ICHR Finds Ecuador Responsible for Violating Whistleblower’s Freedom of Expression

By: Carlos Dominguez Scheid

Impunity Watch News Staff Writer

SAN JOSE, Costa Rica – The Inter-American Court of Human Rights (ICHR) issued a decision on November 27, 2023, with formal notification delivered on March 22, 2024, ruling that Ecuador is responsible for violating the freedom of expression of a whistleblower who reported corruption within the country’s Armed Forces.

Julio Rogelio Viteri Ungaretti | Photo courtesy of BBC News.

The Court’s judgment emphasizes the critical role of freedom of speech in ensuring transparency and accountability in government operations. It brings to light the significant challenges faced by individuals exposing misconduct, especially within military contexts, and establishes an important precedent for handling similar cases across the region.

The case involves Mr. Julio Rogelio Viteri Ungaretti, who reported suspected corruption within the Armed Forces in 2000, resulting in several sanctions against him. The Court reviewed the effects of corruption on democracy and human rights, emphasizing the necessity for states to create a supportive environment for whistleblowers and individuals engaged in anti-corruption activities.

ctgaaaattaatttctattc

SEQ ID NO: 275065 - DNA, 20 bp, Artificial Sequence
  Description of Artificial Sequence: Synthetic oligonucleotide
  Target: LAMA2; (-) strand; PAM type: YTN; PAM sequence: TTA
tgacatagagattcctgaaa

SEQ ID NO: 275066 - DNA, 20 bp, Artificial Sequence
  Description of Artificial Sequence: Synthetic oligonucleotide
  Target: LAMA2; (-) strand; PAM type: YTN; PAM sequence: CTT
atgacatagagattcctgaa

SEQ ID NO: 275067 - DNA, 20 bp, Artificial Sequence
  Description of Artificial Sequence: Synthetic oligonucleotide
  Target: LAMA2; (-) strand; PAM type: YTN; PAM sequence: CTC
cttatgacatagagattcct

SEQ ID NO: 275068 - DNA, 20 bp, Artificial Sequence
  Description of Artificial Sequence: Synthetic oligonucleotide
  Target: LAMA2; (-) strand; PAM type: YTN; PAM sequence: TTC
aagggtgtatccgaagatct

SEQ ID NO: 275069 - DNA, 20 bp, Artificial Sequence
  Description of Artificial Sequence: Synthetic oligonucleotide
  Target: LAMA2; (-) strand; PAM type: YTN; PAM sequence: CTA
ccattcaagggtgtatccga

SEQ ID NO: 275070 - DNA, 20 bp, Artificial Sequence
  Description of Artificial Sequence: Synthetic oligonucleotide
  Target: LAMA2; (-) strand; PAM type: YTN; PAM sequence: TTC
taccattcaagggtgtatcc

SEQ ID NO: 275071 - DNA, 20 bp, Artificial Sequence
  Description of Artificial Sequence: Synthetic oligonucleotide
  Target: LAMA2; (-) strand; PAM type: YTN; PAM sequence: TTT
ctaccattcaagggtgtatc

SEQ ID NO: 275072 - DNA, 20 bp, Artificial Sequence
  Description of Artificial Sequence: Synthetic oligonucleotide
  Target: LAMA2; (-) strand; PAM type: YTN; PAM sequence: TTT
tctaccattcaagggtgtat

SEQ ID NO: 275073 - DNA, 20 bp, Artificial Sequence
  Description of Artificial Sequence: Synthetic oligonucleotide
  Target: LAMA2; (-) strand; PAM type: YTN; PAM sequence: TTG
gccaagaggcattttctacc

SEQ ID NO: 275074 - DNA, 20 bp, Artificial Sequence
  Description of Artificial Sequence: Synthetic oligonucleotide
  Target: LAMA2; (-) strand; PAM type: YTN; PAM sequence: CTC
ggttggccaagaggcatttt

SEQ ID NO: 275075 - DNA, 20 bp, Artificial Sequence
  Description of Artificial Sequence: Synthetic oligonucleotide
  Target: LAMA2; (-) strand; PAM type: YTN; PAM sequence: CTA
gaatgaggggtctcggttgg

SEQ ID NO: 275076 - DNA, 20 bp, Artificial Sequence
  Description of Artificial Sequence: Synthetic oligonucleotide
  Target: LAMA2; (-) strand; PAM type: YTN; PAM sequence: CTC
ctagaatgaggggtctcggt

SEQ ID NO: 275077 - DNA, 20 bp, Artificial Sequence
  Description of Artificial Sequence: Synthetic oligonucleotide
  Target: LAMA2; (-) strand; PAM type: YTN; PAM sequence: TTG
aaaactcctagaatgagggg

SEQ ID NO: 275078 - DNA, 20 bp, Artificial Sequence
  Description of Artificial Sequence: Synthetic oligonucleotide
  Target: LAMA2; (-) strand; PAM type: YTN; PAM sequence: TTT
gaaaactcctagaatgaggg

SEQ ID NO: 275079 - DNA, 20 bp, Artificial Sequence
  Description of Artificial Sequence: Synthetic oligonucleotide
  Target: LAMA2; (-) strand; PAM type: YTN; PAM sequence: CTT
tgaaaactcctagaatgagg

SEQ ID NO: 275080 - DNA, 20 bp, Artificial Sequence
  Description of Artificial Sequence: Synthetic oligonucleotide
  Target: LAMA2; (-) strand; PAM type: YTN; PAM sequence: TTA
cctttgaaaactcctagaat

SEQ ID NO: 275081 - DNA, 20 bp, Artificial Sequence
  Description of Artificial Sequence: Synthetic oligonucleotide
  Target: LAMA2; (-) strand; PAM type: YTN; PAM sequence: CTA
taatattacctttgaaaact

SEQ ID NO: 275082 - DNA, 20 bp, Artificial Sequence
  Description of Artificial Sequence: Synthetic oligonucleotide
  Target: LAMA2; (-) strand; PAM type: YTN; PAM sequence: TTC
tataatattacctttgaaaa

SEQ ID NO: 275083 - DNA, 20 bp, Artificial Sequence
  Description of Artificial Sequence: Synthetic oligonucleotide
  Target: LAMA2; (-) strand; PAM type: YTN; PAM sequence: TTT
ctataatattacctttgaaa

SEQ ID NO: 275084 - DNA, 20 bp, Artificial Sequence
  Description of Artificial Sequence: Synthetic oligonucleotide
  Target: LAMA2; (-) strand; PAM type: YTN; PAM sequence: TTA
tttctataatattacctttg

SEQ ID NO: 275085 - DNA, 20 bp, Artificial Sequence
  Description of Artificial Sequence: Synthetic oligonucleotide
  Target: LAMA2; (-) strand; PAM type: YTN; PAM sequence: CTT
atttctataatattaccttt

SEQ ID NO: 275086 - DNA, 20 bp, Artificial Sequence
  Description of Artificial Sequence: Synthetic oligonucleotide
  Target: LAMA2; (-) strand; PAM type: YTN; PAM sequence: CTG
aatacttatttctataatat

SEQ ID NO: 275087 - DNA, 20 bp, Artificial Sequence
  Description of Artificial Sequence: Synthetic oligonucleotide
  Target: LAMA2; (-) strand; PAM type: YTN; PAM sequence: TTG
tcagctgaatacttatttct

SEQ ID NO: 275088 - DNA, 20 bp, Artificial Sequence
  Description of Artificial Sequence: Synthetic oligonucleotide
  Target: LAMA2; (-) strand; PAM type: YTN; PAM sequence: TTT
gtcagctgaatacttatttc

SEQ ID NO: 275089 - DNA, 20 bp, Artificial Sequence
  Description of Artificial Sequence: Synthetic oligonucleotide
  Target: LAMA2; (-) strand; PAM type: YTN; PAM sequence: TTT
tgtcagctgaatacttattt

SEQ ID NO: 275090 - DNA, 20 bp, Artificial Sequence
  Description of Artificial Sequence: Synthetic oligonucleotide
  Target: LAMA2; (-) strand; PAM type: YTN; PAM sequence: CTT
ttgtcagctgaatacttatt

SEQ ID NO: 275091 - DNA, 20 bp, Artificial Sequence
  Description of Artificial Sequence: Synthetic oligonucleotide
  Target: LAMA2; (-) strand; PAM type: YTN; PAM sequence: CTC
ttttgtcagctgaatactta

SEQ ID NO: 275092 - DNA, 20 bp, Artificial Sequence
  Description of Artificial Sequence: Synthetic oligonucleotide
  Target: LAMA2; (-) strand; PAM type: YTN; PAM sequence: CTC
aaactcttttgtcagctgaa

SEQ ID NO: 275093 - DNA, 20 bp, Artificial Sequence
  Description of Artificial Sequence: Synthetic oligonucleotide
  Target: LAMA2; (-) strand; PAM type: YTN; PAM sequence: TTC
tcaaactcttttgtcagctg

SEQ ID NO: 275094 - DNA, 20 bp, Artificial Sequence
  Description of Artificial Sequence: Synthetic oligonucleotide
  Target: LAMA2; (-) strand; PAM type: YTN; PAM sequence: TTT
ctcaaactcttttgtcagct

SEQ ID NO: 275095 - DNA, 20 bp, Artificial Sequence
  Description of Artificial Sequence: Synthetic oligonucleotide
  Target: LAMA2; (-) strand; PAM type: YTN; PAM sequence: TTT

The Court discussed the responsibility following the exercise of free speech concerning corruption allegations, noting that such cases are of public interest due to their impact on human rights. It affirmed the importance of society’s right to be informed about corruption, making such disclosures a protected form of speech under Article 13 of the American Convention on Human Rights.

The Court stressed that public officials have both the right and duty to report corruption based on reasonable belief and are expected to verify the accuracy of their information as much as possible, without having to confirm its authenticity at the time of reporting. The state is urged to provide adequate channels to facilitate reporting and ensure the protection of whistleblowers, including safeguarding their identity and personal integrity.

Finally, the Court assessed the repercussions of penalizing individuals for exercising their freedom of expression in reporting suspected corruption. It recognized that allegations of corruption involving public officials hold significant public interest and affect human rights, warranting special protection under Article 13 of the Convention. The Court stressed the importance of providing adequate channels for reporting corruption, underscoring the need to facilitate these disclosures and protect those who come forward.

For further information, please see:

Caso Viteri Ungaretti y Otros vs. Ecuador—2022  

Corte Interamericana De Derechos Humanos Caso Viteri Ungaretti Y Otros Vs. Ecuador—27 Nov. 2023

Diplomat Flees To Market Town—26 Nov. 2022

IACHR refers case on Ecuador to the Inter-American Court—16 July 2021






Author: Sydney Krause